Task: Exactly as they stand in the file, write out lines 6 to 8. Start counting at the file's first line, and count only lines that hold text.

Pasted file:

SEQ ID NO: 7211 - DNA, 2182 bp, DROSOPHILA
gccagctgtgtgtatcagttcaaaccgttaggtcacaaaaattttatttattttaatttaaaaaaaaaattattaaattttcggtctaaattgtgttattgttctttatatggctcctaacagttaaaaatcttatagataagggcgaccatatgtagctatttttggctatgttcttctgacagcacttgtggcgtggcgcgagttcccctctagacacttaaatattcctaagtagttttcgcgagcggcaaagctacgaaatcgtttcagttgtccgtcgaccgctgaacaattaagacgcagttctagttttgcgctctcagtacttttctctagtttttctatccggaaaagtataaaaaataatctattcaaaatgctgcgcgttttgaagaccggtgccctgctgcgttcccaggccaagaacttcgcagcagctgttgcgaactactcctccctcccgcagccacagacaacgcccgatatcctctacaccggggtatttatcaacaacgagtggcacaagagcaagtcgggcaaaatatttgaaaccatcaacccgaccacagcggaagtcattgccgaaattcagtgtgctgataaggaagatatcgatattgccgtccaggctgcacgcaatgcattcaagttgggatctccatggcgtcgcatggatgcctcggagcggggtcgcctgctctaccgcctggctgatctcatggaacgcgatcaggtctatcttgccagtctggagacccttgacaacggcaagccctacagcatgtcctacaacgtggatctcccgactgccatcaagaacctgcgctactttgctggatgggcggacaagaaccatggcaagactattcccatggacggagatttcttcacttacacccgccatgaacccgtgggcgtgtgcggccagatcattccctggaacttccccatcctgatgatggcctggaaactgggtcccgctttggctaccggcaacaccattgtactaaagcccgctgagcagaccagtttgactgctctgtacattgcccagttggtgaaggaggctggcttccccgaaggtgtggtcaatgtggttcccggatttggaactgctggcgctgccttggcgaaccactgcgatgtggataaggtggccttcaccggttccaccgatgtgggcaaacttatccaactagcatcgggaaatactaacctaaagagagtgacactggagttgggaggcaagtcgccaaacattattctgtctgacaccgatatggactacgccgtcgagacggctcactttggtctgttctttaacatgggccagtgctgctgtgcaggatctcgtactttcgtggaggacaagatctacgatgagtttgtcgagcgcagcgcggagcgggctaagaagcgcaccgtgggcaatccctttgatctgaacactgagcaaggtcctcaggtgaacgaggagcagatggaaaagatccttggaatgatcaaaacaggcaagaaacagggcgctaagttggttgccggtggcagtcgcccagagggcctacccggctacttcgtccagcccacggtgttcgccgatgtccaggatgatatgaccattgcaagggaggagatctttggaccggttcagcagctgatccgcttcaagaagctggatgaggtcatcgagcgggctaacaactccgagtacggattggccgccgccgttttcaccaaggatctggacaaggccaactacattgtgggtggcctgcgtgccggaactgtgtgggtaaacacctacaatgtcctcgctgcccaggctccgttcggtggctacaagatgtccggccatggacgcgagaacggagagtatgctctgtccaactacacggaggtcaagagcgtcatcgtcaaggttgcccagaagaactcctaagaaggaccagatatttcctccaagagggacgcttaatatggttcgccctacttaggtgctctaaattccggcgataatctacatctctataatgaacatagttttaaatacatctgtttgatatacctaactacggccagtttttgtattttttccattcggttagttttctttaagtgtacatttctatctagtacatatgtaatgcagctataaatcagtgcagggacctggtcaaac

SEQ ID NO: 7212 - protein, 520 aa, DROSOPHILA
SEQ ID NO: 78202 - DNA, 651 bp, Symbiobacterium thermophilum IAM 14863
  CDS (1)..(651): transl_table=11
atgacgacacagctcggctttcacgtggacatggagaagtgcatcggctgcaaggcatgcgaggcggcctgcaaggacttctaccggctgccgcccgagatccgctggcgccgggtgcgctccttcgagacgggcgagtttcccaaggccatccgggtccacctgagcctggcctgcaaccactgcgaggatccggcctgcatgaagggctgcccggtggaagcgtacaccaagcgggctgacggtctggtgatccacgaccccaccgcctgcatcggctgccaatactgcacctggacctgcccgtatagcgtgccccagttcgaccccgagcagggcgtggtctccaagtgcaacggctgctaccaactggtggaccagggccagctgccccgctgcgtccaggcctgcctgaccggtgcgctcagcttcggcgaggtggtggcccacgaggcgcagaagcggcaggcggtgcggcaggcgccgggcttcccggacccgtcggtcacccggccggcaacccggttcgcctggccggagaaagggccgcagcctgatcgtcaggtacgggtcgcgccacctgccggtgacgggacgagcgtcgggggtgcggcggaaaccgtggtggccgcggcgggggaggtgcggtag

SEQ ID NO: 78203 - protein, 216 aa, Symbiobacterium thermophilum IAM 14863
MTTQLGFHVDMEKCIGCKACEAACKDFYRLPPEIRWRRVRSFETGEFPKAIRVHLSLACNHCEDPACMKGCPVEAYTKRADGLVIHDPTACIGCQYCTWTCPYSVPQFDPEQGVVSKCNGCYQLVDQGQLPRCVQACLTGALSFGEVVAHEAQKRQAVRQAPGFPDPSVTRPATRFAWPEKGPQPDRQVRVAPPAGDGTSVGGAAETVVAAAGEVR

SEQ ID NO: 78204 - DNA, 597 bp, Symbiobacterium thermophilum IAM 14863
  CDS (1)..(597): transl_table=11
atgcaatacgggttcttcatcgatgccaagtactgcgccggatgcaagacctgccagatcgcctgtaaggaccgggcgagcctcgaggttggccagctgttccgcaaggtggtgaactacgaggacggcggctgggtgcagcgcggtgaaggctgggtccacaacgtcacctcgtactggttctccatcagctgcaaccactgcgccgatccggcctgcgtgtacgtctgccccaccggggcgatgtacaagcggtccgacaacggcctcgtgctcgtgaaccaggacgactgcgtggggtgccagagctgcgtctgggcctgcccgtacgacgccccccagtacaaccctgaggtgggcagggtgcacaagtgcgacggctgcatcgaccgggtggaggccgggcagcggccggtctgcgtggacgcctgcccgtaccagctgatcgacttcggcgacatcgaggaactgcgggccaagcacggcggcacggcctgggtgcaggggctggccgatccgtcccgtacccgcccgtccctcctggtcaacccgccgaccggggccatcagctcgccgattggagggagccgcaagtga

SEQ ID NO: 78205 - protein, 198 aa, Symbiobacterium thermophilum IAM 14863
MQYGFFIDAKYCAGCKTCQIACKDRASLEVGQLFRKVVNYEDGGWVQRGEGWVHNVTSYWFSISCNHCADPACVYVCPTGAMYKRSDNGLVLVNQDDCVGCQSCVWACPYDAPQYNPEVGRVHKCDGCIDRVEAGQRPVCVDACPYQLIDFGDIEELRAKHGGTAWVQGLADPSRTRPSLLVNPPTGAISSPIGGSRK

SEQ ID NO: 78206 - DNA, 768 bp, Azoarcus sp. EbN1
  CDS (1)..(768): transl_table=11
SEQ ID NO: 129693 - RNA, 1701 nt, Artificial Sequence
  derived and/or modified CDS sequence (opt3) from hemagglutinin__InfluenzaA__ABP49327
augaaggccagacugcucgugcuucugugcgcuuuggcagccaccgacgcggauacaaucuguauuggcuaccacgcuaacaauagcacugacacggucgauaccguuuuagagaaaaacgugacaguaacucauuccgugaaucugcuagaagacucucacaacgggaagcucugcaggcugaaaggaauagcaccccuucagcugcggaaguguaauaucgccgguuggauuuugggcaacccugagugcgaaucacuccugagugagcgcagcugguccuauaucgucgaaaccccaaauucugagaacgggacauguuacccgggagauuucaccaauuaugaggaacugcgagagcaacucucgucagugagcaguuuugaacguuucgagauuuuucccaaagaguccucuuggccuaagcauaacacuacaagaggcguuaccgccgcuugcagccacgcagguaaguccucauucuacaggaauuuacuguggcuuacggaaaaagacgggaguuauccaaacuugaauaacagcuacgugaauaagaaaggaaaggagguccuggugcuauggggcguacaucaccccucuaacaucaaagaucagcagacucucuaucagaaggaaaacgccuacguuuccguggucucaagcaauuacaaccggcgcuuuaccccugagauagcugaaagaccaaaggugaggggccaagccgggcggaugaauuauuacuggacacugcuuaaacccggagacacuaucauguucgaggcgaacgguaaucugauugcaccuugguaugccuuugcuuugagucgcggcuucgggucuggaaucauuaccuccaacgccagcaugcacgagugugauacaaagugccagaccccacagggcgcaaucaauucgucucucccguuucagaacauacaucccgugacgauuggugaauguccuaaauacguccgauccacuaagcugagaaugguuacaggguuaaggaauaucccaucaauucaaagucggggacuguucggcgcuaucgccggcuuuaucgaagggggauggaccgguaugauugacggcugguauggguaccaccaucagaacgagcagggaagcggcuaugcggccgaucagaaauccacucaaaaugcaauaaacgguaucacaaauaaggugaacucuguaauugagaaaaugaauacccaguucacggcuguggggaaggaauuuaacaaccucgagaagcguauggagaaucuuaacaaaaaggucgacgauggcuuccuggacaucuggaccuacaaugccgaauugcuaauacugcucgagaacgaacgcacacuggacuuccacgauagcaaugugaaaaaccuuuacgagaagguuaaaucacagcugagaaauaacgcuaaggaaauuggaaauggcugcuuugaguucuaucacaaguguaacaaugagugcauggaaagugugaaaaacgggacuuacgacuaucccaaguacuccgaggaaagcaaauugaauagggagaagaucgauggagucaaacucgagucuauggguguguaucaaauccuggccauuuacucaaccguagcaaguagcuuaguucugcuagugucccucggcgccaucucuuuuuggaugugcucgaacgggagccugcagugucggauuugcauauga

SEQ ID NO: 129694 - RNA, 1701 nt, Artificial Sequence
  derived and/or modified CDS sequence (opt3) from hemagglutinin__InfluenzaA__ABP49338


atgacgacacagctcggctttcacgtggacatggagaagtgcatcggctgcaaggcatgcgaggcggcctgcaaggacttctaccggctgccgcccgagatccgctggcgccgggtgcgctccttcgagacgggcgagtttcccaaggccatccgggtccacctgagcctggcctgcaaccactgcgaggatccggcctgcatgaagggctgcccggtggaagcgtacaccaagcgggctgacggtctggtgatccacgaccccaccgcctgcatcggctgccaatactgcacctggacctgcccgtatagcgtgccccagttcgaccccgagcagggcgtggtctccaagtgcaacggctgctaccaactggtggaccagggccagctgccccgctgcgtccaggcctgcctgaccggtgcgctcagcttcggcgaggtggtggcccacgaggcgcagaagcggcaggcggtgcggcaggcgccgggcttcccggacccgtcggtcacccggccggcaacccggttcgcctggccggagaaagggccgcagcctgatcgtcaggtacgggtcgcgccacctgccggtgacgggacgagcgtcgggggtgcggcggaaaccgtggtggccgcggcgggggaggtgcggtag

SEQ ID NO: 78203 - protein, 216 aa, Symbiobacterium thermophilum IAM 14863
MTTQLGFHVDMEKCIGCKACEAACKDFYRLPPEIRWRRVRSFETGEFPKAIRVHLSLACNHCEDPACMKGCPVEAYTKRADGLVIHDPTACIGCQYCTWTCPYSVPQFDPEQGVVSKCNGCYQLVDQGQLPRCVQACLTGALSFGEVVAHEAQKRQAVRQAPGFPDPSVTRPATRFAWPEKGPQPDRQVRVAPPAGDGTSVGGAAETVVAAAGEVR